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Words With Frenz mailbag: Aaron Hernandez's status for 2013 looms large

Posted by Erik Frenz  June 21, 2013 10:00 AM

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What a crazy few days it's been for the New England Patriots.

Tight end Aaron Hernandez is under investigation involving the death of 27-year-old Odin Lloyd. Details continue to pour forth (click here for Greg Bedard's most recent report) but Patriots fans have already begun to wonder how this will affect the team.

We get to that and a bit more in this week's mailbag.

None, really.

It's too early to tell what the long-term future holds for Hernandez with the team, but it would be a shock at this point if Hernandez didn't miss some time, at least early in the season. The precedent was set with Steelers quarterback Ben Roethlisberger two years ago, and he was suspended the first four games of the 2010 season even though he was not found guilty of any charges.

The Patriots have done all they can do at this point to address the depth at tight end, and while they might look around for another camp body, they are five deep on the depth chart entering camp. Between Jake Ballard, Michael Hoomanawanui, Brandon Fells, Zach Sudfeld and Brandon Ford, the Patriots have options if they want to continue on with the two-tight end set.

As we explored earlier this offseason, Daniel Fells was the one who got the majority of the snaps with Hernandez out in 2012. Zach Sudfeld impressed reporters at OTAs and minicamps, but at 6'7" and 255 pounds, he more closely resembles Gronkowski. He also doesn't have Hernandez's short-area quickness.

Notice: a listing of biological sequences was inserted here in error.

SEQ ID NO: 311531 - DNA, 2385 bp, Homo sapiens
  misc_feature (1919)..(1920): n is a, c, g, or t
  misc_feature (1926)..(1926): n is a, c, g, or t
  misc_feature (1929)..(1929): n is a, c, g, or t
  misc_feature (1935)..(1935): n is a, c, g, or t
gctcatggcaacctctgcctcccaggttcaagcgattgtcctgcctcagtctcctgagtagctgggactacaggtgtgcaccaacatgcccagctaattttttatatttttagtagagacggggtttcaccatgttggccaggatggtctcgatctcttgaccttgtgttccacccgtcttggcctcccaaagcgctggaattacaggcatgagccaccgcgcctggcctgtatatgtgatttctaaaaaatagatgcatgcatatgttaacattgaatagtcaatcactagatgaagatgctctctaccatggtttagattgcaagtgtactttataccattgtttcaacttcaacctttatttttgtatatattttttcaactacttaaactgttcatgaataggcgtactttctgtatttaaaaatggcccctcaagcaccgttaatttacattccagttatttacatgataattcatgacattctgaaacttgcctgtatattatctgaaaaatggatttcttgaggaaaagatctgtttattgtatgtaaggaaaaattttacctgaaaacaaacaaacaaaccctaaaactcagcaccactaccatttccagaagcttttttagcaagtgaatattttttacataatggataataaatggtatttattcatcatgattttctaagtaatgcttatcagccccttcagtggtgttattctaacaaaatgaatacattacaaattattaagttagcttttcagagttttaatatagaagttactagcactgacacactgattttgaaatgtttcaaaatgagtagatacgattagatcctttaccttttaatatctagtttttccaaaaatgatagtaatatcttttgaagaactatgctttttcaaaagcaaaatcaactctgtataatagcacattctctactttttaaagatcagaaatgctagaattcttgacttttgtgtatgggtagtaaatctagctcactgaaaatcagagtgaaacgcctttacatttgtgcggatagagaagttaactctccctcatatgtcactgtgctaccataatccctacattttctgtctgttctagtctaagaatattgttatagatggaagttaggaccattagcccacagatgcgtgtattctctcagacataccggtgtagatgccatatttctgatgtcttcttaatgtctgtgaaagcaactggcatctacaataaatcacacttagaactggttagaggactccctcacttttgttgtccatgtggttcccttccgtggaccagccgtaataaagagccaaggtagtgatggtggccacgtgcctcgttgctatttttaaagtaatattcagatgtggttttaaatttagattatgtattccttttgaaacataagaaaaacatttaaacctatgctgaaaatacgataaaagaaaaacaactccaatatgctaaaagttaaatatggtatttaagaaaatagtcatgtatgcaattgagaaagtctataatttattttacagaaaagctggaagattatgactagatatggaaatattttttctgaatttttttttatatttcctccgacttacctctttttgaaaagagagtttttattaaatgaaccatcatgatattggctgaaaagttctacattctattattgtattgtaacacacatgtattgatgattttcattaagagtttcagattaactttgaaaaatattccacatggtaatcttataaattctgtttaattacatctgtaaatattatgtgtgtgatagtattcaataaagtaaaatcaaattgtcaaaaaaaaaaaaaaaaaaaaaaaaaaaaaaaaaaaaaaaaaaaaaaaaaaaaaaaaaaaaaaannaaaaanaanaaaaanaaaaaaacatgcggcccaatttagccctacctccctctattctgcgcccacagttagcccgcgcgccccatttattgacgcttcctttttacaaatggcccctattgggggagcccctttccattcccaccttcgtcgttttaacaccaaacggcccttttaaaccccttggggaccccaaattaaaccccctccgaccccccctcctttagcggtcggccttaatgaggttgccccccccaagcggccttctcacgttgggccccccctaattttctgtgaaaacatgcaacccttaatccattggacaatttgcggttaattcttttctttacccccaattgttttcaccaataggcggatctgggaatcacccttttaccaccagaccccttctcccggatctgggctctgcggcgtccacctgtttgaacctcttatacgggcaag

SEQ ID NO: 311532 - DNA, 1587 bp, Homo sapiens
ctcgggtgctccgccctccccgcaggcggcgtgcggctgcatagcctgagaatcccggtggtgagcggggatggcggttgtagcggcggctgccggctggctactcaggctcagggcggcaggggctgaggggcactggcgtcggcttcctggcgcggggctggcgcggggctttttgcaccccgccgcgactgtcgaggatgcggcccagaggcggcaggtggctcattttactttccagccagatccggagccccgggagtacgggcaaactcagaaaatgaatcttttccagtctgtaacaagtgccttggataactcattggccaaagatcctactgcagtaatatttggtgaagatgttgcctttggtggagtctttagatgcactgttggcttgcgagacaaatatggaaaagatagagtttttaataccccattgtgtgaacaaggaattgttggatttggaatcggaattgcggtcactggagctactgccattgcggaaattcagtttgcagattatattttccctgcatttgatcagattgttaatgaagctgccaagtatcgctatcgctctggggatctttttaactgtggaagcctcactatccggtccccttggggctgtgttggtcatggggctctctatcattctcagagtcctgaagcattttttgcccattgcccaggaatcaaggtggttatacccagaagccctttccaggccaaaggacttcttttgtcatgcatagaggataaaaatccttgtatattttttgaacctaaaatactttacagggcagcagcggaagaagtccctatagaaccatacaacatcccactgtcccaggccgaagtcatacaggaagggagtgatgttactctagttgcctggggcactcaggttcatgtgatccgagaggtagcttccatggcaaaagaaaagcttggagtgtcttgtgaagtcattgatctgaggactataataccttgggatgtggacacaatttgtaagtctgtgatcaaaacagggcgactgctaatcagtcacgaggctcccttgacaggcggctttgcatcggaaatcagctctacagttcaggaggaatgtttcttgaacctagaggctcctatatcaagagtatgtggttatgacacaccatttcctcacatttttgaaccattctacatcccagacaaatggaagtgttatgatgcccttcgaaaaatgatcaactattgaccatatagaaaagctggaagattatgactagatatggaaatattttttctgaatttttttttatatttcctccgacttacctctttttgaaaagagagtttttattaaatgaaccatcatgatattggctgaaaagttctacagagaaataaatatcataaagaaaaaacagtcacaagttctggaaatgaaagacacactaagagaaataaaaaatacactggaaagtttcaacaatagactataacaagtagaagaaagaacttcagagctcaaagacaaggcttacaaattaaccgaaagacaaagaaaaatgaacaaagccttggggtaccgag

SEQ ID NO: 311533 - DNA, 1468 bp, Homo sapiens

Hernandez's combination of size (6'1", 245 pounds) and speed (4.64-second 40-yard dash) made him a matchup nightmare, and it would be tough to find a player that can replicate his abilities in the open field and when working the seam. Part of the problem with replacing Hernandez, though, is that it's not just about his abilities at tight end; the Patriots used him in the backfield, at fullback and elsewhere.

One under-the-radar name I'll be watching this offseason is rookie Brandon Ford. He ran a 4.66-second 40-yard dash at 6'4" and 245, so he also has the size and speed to potentially cause matchup problems.

He's no stranger to lining up all over the field, either.

Much of Hernandez's role was as a de facto receiver, so there could also be increased pressure on the wide receiver group -- as if there wasn't enough already, in the wake of Wes Welker's departure and the complete turnover of the position.

A three-receiver set could feature Julian Edelman and Aaron Dobson on the outsides with Danny Amendola in the slot and Gronkowski at tight end.

It's going to look different than it has in recent years, and it may not be the same Patriots offense that was good for 30-plus points a game, but they have some options and can tinker with it until they find what works best.

Well, good to see some Bills fans are cozying up to the idea of the Patriots slipping a bit this season.

To answer this question, we first have to ask how one would go about unseating the Patriots. Besides counting on injuries, or lack of continuity in their offense being a huge downfall, it's a three-step process:

  1. score points